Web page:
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Shootout benefiting Western lacrosse

Adia Waldburger, of the Record staff

The Park City Ski Town Shootout is well on its way to becoming the ‘best in the West.’ The noncompetitive tournament, which was held over the weekend hosted 27 youth teams from eight Western States at Ecker Hill International Middle School, is only in its second year and the positive responses continue to grow.

"The feedback has been tremendous," said Utah Lacrosse Association president Mike O’Malley.

According to Tom Summers, Team Utah U-12 head coach, the tournament is a great opportunity for Western teams to see what other states are doing. Colorado has the oldest and most established lacrosse programs, and so their teams serve as a gauge for growth for up-and-coming state programs, such as Utah. For more competitive states, such as California, the tournament tests the team’s skills and talents and serves as warm-up for competitive tournaments.

"One of the points is to give us a benchmark," O’Malley said. "This tournament is all about learning."

The bulk of teams were U-12, U-13 and U-15 boys, although a few girls teams and high school-aged boys teams were present. O’Malley says that he hopes to bring in a larger female contingent over the next few years. He plans to keep the older team exhibition events to inspire the younger athletes.

Team Utah U-17 and U-19 head coach Peter Milburn says that the exhibition games help his players. The shootout occurs one week before the Vail National Tournament held in Colorado, so Milburn sends his teams out to give them a taste of talent from beyond the Utah border.

"When you play our local teams, you are not aware of what the other teams are doing," Milburn said.

Milburn said that his Utah team and the others headed to Vail next week all performed surprisingly well in the weekend tournament, holding their own against tough teams. He was especially pleased that Utah fared well against Colorado teams that don’t have an altitude advantage either this weekend or the next.

"It’s exciting to see how competitive Utah is," Milburn said. "I think we have enough talent. It’s a good start as we head to Vail."

After watching his team at the Ski Town Shootout, Milburn says he’s confident that the Utah boys will be able to keep up with many of the top teams in the West.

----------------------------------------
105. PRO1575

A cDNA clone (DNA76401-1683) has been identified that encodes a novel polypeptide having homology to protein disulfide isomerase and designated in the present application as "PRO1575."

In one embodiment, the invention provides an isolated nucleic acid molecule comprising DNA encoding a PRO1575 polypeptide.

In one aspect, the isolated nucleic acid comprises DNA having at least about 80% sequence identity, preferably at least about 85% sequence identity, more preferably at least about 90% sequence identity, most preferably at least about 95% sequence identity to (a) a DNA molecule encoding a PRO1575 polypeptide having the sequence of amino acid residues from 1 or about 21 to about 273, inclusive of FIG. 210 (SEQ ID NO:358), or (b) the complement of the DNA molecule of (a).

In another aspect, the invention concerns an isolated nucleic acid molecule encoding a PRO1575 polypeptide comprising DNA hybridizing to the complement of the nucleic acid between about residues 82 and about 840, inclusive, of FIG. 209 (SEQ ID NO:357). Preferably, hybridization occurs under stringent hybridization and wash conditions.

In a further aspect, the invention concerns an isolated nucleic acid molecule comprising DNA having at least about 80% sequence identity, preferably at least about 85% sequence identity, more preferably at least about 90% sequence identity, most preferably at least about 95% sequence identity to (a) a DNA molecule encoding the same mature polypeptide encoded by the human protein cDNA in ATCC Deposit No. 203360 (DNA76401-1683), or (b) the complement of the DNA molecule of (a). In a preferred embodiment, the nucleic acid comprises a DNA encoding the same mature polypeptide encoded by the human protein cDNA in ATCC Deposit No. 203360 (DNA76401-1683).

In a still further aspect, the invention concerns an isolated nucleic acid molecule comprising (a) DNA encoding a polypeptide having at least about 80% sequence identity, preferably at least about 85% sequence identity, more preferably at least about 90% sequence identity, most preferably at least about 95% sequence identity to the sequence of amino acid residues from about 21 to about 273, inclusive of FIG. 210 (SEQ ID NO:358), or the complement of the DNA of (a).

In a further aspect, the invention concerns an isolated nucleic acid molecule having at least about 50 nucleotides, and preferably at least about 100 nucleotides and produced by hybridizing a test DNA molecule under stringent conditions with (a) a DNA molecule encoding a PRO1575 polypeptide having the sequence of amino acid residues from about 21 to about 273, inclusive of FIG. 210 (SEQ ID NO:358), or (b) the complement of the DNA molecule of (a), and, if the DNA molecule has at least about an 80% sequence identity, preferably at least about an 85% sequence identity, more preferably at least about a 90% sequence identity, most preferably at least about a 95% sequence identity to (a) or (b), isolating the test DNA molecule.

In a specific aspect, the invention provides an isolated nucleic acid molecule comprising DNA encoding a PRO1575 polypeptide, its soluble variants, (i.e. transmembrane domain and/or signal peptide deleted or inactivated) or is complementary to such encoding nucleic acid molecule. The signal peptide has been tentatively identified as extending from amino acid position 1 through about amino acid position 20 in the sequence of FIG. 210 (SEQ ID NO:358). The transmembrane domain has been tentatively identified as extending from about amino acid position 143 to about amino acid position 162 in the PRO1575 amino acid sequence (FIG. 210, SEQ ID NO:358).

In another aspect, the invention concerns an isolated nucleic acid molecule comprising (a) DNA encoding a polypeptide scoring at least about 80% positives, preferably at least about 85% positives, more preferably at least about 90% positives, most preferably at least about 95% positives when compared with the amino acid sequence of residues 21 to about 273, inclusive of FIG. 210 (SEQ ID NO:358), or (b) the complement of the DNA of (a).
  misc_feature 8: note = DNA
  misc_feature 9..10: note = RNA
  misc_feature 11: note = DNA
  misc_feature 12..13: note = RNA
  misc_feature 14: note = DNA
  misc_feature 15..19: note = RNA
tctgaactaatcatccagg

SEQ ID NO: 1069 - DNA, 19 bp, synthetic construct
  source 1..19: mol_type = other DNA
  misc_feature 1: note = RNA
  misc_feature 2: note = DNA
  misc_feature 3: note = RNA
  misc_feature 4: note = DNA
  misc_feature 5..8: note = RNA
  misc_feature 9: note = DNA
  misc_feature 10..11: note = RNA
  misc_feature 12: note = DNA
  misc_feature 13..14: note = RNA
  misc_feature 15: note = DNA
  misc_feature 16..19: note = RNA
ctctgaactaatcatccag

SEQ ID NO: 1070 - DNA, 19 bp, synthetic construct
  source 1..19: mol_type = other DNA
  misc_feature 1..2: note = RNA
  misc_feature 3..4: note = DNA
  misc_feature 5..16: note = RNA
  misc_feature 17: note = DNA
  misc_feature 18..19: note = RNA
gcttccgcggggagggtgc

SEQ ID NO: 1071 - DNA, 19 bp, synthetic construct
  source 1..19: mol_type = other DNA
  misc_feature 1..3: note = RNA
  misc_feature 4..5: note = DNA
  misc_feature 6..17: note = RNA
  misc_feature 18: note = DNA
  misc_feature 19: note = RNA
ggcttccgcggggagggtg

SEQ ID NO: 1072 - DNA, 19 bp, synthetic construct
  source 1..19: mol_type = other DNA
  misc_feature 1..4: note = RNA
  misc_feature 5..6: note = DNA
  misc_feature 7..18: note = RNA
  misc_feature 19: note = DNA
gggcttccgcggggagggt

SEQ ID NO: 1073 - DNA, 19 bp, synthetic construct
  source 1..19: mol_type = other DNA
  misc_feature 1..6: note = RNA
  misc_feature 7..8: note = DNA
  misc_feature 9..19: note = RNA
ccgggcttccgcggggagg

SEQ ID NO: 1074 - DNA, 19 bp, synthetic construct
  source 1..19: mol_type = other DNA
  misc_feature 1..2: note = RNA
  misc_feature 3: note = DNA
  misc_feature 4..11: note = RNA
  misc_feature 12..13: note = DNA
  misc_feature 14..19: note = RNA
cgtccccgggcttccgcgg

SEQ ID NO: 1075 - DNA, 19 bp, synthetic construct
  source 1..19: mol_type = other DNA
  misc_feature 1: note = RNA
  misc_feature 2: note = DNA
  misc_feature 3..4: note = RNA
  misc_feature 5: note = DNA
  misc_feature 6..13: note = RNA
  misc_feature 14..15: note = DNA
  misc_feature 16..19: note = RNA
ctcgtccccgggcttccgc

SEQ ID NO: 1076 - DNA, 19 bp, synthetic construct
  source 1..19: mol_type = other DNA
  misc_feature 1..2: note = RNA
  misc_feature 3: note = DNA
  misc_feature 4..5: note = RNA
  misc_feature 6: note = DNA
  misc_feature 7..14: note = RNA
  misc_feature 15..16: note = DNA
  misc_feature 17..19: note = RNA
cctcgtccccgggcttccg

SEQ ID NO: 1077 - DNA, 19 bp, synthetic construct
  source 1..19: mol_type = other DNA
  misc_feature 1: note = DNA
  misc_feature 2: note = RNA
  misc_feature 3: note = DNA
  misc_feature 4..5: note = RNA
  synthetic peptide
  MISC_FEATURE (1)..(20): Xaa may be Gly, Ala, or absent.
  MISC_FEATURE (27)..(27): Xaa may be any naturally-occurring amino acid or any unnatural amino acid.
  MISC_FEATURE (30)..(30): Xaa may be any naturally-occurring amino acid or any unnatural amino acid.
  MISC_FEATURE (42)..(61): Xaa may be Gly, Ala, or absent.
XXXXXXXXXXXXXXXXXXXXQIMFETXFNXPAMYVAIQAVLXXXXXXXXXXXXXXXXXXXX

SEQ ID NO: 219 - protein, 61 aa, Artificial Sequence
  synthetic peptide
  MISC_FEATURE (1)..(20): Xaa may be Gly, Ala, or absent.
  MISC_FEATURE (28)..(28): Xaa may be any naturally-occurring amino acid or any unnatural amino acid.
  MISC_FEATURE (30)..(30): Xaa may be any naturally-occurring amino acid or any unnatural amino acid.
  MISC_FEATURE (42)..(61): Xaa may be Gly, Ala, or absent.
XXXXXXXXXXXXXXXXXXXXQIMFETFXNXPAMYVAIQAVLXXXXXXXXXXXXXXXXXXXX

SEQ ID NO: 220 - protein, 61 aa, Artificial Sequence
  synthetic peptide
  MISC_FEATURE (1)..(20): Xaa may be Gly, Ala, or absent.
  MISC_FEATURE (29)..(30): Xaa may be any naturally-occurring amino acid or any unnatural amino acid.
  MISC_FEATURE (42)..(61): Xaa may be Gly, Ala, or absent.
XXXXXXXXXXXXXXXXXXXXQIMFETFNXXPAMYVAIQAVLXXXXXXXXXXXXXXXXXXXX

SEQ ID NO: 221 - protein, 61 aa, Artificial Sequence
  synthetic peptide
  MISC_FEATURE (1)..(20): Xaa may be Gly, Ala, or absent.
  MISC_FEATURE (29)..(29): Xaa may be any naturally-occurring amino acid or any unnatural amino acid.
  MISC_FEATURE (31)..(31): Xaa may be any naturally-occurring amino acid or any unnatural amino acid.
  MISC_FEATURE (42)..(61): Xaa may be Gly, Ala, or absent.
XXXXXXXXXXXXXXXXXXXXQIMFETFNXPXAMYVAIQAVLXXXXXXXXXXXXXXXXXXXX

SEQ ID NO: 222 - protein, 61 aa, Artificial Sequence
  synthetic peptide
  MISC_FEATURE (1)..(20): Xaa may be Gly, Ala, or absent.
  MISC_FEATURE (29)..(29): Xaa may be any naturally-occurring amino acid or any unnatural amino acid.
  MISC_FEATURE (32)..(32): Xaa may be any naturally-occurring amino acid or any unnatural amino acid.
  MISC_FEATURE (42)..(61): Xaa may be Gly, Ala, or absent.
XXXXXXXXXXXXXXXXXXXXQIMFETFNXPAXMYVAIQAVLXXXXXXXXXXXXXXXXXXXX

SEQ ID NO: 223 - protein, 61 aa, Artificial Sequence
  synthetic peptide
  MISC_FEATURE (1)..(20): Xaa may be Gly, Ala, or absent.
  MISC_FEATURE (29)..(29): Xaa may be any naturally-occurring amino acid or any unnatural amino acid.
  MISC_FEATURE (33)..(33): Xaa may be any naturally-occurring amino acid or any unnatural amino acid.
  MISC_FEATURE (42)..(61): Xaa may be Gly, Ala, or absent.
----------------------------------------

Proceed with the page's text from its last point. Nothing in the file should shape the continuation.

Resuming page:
NorCal, a team from the San Francisco/Bay Area also used the tournament as a tune-up for Vail.

Lacrosse has been a sanctioned high school sport in California for the last few years. This breeds an extensive youth development program, which primarily uses the summer months for clinics and tournaments.

NorCal assistant coach Sam Greason says that even though the Park City event is non-competitive, their teams appreciate the opportunity to see how other states are playing without the intense pressure of an elite tournament. A week in Park City also allows them to acclimate to high altitudes before traveling to Vail. The NorCal contingent barely lost to the Colorado Select all-star style team, which was exciting to Greason and his staff, but he says their goal is to be on par with East Coast teams. He hopes that one day there will be just as many high school seniors recruited to Division I college lacrosse programs from the West as there are from the East.

Another goal is to develop a competitive Western youth lacrosse circuit in the summer, so teams don’t have to travel East for most of the top tournaments a cost-prohibitive venture.

"We should do tournaments all over the West, and there’s your summer," Greason said. "If you want to reach parity with the East Coast, you have to do what they do."

The Ski Town Shootout is doing its best to show US Lacrosse, the national lacrosse governing body, the direction in which the West would like to head. Almost every western team is headed by a former Division I college player and teaches solid lacrosse skills.

The tournament opened with a sacred ceremony to honor the Native American roots of the game. Some teams, like the NorCal squad even went to so far as to hold their ceremony with a night game played with glow-in-the-dark sticks on the inspiration of head coach Mario Enea and listened to the Native American stories tied to the earliest beginnings the game from assistant coach/shaman Dan Nourse.

Another part of the shootout’s allure comes from the organization of the event. The more established state programs are used to well-run tournaments and O’Malley says that he was overwhelmed with positive comments on the seamlessness of the event. The teams also enjoy the resort-town atmosphere in Park City, easy airport access and the well-placed fields at Ecker Hill. Another highlight included referees from both the local and national ranks.

"They’re getting a really fairly officiated game and a fundamental example of sportsmanship," O’Malley said. "You put all of those ingredients together and you have a really compelling experience for kids, coaches, parents and officials."

Another well-received facet of the tournament was the officials’ clinic with some of the top officials in the sport and a rules clinic held at half time for the parents.

"The parents are thirsty for knowledge," O’Malley said.

The tournament is already panning to return next year with more U-15 teams, teams from Oregon and more female squads.

Information about general lacrosse programs for youth of all ages can be found at http://www.utahlax.org and http://www.uslacrosse.org.


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